While it is not known with certainty that Lau Tzu actually existed, legend has it that Lau Tzu's access to the information found in the royal archives supplied valuable knowledge.
Apparently disgusted with society, Lau Tzu abruptly "retired" to live out the remainder of his days as a hermit -- away from people and closer to nature.
Fortunately for the future of Taoism and eastern philosophy, Lau Tzu had to exit the Chinese emperor's territory and into his new home and co-existence with nature by way of the Han-ku pass. The keeper of the pass asked that Lau Tzu write a book telling all that he knew before leaving society. This book, Tao Te Ching, would become the foundation of Taoism.
The Tao, translated as "the way," is not something that we humans can understand or describe in words but can best be reflected in Nature, which is the basis of much of taoist thought and philosophy.
Lau Tzu associates the Tao with "non-being," or a non-resistant and passive existence, called "wu wei."
Some other philosophical terms associated with Taoism include the idea of "fu," which is a return of all things from extremes to a state of balance; "yin and yang," which are the counter-balances of passivity and activity in the universe; and "te," which is the power of the Tao that enables each individual being to be what they are in their own unique way.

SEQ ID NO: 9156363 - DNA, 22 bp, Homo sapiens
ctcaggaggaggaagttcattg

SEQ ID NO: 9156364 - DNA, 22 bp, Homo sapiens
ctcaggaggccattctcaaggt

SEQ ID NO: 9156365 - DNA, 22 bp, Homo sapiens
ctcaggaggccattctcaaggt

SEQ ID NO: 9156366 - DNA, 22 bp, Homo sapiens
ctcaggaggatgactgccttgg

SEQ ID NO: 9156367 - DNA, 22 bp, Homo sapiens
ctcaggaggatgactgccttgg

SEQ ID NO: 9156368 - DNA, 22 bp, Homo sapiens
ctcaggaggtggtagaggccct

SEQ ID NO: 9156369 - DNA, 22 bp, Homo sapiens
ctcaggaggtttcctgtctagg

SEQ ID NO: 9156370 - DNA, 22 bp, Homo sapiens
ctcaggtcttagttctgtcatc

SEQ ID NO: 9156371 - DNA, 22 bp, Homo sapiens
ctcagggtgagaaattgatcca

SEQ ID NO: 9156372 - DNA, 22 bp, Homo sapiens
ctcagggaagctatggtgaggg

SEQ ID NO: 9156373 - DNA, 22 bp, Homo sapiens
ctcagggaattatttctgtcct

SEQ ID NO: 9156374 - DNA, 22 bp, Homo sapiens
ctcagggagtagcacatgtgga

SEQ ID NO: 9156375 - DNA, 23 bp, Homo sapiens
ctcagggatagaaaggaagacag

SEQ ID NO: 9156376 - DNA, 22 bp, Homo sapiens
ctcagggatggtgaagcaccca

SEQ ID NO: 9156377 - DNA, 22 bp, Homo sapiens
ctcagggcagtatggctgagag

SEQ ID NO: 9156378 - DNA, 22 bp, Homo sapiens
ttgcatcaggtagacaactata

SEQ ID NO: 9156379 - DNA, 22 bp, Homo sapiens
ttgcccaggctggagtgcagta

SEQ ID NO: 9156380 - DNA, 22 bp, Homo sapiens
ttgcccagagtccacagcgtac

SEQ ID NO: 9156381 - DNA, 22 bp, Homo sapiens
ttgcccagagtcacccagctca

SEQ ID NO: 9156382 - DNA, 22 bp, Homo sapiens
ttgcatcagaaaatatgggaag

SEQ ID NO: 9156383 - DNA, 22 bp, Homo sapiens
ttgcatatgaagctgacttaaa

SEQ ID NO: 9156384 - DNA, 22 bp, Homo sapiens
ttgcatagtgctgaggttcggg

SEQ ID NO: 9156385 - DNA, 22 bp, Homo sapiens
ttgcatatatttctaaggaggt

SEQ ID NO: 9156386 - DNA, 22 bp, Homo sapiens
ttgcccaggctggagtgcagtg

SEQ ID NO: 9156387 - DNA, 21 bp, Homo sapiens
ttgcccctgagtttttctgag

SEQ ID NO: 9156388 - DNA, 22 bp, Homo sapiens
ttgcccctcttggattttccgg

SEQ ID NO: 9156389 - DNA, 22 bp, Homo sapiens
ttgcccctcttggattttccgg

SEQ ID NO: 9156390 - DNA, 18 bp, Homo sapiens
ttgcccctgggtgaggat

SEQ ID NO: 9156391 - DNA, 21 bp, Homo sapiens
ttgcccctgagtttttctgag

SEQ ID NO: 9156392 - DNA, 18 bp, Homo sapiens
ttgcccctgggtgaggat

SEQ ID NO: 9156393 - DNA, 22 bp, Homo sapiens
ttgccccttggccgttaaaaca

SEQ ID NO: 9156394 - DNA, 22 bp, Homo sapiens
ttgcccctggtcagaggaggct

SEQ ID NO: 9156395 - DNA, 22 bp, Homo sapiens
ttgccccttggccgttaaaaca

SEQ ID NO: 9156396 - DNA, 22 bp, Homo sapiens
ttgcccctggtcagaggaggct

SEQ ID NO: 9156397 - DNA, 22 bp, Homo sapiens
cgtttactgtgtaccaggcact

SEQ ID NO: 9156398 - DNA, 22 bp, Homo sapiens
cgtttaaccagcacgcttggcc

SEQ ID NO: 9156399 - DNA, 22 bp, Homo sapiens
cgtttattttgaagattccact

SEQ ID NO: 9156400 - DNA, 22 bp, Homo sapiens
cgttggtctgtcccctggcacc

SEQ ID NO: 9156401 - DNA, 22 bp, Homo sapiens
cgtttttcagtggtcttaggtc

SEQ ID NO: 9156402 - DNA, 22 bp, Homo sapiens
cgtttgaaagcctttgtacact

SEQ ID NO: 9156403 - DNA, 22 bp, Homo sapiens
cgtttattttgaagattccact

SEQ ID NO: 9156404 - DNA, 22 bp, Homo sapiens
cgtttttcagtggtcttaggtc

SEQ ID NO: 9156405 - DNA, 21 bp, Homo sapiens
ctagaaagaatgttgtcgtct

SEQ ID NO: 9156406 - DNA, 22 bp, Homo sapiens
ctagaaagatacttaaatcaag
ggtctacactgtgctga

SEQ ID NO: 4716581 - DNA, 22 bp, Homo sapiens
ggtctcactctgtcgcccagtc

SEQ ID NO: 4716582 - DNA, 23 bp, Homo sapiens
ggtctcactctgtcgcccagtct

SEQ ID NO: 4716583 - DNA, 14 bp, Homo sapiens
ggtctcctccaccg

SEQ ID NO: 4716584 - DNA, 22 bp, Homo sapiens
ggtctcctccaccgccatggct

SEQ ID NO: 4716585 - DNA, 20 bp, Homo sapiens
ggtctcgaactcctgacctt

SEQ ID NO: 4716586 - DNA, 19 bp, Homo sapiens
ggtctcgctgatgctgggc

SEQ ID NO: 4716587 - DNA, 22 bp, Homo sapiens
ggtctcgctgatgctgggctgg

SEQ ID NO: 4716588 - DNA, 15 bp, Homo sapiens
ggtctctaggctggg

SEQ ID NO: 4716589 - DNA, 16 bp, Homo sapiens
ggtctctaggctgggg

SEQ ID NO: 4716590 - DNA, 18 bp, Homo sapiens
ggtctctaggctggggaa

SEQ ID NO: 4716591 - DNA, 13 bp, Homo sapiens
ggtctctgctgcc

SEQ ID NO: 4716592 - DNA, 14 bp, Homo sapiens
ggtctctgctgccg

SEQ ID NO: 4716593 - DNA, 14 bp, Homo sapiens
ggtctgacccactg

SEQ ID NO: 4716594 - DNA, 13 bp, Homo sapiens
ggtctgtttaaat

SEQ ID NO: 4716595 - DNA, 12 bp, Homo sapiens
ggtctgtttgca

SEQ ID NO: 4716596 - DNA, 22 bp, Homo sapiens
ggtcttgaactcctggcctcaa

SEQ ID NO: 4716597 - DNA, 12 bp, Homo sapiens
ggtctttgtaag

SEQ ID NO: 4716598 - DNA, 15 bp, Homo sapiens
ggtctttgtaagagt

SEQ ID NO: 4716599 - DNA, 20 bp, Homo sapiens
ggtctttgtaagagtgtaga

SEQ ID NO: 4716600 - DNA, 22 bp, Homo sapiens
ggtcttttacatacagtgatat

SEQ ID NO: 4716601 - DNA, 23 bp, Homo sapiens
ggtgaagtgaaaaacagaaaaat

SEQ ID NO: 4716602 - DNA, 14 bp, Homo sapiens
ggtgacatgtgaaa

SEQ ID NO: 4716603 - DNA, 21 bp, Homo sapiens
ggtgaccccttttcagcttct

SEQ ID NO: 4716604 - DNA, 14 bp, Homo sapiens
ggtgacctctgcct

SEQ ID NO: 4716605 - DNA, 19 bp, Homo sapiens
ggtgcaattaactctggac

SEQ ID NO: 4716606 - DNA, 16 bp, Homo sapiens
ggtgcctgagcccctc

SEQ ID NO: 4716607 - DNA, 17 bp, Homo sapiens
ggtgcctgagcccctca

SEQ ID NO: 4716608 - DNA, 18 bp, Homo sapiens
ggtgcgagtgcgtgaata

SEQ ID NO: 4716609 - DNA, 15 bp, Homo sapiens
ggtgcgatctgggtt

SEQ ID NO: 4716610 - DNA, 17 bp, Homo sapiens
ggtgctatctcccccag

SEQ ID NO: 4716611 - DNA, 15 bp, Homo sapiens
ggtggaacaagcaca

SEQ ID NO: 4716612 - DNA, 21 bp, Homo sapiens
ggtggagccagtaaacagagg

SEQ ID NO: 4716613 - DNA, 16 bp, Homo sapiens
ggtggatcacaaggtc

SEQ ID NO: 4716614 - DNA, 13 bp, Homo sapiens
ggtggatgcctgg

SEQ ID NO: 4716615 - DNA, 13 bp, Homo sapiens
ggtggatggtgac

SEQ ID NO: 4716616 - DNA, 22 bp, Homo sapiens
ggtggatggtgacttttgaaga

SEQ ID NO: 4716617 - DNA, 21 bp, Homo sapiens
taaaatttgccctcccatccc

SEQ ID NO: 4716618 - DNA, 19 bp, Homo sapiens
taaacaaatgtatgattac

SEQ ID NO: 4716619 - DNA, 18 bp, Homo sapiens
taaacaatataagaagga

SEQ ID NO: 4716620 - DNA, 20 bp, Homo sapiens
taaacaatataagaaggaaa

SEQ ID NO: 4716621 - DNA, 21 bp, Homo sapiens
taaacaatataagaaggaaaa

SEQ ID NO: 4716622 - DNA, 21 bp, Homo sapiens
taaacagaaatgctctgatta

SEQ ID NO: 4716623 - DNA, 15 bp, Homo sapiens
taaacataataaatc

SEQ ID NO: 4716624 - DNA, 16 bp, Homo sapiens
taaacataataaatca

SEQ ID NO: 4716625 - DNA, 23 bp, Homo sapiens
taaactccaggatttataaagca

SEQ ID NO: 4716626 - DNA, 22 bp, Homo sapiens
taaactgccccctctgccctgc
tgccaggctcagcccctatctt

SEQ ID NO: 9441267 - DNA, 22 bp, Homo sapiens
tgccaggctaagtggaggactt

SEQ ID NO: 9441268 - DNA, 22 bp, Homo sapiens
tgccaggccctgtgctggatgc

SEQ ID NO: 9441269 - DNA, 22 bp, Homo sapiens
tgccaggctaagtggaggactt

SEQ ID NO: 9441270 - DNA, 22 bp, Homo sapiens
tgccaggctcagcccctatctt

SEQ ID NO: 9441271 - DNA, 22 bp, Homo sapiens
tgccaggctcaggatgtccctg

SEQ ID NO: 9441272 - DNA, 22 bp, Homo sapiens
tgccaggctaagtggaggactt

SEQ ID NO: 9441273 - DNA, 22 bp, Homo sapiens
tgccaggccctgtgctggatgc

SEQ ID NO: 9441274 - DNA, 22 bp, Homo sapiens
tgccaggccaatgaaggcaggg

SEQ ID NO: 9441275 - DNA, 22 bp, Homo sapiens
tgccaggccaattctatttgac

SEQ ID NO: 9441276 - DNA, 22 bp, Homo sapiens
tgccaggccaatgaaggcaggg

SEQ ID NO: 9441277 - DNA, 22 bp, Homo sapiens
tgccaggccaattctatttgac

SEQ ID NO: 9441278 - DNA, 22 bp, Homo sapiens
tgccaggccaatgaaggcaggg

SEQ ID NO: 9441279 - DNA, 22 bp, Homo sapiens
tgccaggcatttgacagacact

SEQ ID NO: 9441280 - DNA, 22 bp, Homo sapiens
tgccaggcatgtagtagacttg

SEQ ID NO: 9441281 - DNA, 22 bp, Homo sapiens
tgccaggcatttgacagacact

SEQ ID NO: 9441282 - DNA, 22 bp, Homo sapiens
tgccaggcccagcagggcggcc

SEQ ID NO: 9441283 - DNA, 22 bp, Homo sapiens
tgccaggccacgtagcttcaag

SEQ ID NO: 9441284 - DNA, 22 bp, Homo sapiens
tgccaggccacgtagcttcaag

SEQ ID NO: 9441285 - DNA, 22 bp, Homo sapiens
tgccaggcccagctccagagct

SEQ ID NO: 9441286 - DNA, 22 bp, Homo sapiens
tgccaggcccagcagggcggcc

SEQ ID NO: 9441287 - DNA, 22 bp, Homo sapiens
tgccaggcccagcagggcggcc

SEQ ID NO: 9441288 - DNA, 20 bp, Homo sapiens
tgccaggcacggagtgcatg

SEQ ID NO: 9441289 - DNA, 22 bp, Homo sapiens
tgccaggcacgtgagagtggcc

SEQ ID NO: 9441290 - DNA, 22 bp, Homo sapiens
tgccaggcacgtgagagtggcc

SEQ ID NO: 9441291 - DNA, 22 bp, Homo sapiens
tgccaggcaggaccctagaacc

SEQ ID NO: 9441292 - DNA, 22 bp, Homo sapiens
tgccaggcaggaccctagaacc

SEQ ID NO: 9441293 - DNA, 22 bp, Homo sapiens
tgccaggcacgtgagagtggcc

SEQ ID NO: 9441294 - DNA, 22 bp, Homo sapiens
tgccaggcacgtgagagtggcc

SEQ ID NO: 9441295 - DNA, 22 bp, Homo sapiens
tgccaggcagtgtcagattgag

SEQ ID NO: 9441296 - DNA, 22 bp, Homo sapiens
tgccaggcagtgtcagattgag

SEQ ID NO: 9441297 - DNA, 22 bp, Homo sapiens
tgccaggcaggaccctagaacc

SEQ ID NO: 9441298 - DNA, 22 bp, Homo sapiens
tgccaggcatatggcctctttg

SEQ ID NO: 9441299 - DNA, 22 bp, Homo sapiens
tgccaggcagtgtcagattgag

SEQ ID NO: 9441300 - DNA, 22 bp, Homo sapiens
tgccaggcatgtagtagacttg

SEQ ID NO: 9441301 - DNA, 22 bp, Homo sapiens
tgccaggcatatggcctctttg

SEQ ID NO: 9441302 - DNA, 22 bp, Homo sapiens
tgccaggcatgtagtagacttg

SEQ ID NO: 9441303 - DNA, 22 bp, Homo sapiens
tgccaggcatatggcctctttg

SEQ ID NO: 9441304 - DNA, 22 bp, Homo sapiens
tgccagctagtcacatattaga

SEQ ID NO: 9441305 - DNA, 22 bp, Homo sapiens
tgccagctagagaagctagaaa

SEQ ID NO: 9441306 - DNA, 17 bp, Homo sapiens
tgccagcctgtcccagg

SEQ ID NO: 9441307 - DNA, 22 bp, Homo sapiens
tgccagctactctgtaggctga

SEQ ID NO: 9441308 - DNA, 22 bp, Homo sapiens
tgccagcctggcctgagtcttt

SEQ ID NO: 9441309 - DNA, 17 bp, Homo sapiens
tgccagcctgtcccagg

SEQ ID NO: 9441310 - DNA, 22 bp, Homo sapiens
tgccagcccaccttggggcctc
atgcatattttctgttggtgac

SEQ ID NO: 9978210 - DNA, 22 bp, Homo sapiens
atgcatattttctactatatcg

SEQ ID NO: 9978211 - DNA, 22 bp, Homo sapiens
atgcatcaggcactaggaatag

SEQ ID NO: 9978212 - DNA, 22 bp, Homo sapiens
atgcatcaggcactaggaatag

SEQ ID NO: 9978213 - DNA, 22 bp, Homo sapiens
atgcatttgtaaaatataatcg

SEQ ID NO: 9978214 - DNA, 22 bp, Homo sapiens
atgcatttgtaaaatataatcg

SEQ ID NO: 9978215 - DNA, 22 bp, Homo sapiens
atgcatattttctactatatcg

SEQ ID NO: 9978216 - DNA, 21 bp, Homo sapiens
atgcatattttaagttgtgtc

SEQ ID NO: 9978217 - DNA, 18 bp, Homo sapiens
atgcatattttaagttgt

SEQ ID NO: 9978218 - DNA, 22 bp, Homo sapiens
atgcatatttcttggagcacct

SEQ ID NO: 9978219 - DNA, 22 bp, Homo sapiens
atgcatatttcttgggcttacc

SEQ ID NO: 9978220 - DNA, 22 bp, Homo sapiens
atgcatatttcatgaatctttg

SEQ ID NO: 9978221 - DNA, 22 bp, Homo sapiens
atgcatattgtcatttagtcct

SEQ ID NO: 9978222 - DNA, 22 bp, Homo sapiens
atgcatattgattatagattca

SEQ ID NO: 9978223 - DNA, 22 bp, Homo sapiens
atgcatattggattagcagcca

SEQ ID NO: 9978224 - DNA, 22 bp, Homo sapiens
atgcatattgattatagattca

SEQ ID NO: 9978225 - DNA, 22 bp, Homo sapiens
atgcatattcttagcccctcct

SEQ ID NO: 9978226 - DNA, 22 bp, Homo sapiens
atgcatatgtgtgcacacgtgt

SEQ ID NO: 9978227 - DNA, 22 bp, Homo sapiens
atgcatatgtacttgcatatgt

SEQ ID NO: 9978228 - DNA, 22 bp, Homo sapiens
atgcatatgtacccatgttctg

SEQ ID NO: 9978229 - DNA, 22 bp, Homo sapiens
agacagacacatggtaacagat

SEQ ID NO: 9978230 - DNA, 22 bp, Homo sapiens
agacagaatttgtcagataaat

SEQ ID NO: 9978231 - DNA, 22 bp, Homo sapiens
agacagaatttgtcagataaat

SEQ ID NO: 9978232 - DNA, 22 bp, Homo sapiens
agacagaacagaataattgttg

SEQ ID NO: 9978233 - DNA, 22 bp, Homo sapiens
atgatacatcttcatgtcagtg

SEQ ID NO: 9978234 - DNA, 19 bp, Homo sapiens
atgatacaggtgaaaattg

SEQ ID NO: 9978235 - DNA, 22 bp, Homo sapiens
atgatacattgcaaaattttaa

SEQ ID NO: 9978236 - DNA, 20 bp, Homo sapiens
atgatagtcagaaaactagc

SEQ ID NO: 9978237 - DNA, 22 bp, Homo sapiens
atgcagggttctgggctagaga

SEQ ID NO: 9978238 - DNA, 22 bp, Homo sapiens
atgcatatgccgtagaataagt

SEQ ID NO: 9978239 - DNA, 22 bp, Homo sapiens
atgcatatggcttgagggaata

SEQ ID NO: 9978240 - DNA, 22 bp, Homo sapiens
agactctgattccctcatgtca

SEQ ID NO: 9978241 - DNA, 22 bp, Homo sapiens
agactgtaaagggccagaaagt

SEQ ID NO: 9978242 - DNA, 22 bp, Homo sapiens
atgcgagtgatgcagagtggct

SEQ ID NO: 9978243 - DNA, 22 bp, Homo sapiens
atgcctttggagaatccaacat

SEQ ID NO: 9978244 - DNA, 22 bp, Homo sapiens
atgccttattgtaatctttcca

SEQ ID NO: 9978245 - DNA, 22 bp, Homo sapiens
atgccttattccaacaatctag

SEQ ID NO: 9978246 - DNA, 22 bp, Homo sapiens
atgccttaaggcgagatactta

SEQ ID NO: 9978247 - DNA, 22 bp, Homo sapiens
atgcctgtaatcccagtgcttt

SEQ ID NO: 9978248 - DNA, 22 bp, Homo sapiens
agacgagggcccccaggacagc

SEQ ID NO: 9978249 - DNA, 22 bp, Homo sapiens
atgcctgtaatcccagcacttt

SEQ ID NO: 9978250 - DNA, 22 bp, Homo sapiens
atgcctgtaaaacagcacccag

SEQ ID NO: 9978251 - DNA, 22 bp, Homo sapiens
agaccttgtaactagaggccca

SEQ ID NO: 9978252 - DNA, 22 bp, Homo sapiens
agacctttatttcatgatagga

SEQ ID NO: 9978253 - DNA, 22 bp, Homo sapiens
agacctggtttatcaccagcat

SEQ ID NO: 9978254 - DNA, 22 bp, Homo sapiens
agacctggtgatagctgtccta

Whether one believes he was real or fictional, just the fact that Lau Tzu's wisdom applies just as much today as it did more than 2500 years ago confirms that our flawed human drive to know all the answers and our hyperactive desire to force things to happen are human flaws certain to be repeated; but also that this knowledge is valuable for the acquisition of self-awareness.
Lau Tzu's wisdom speaks for itself so here are just a few selected quotes from the "Old Master:"
Thus Something and Nothing produce each other; The difficult and the easy compliment each other; The long and the short off-set each other; The high and the low incline toward each other; Note and sound harmonize with each other; Before and after follow each other.
Nature does not hurry, yet everything is accomplished.
There is no calamity greater than lavish desires. There is no greater guilt than discontent. And there is no greater disaster than greed.
Health is the greatest possession. Contentment is the greatest treasure. Confidence is the greatest friend. Non-being is the greatest joy.
Those who have knowledge, don't predict. Those who predict, don't have knowledge.
At the center of your being you have the answer; You know how you are and you know what you want.
If I have even just a little sense, I will walk on the main road and my only fear will be of straying from it.
If you do not change direction, you may end up where you are heading.
Image by Shannon
Sources:Complete Idiot's Guide to Eastern Philosophy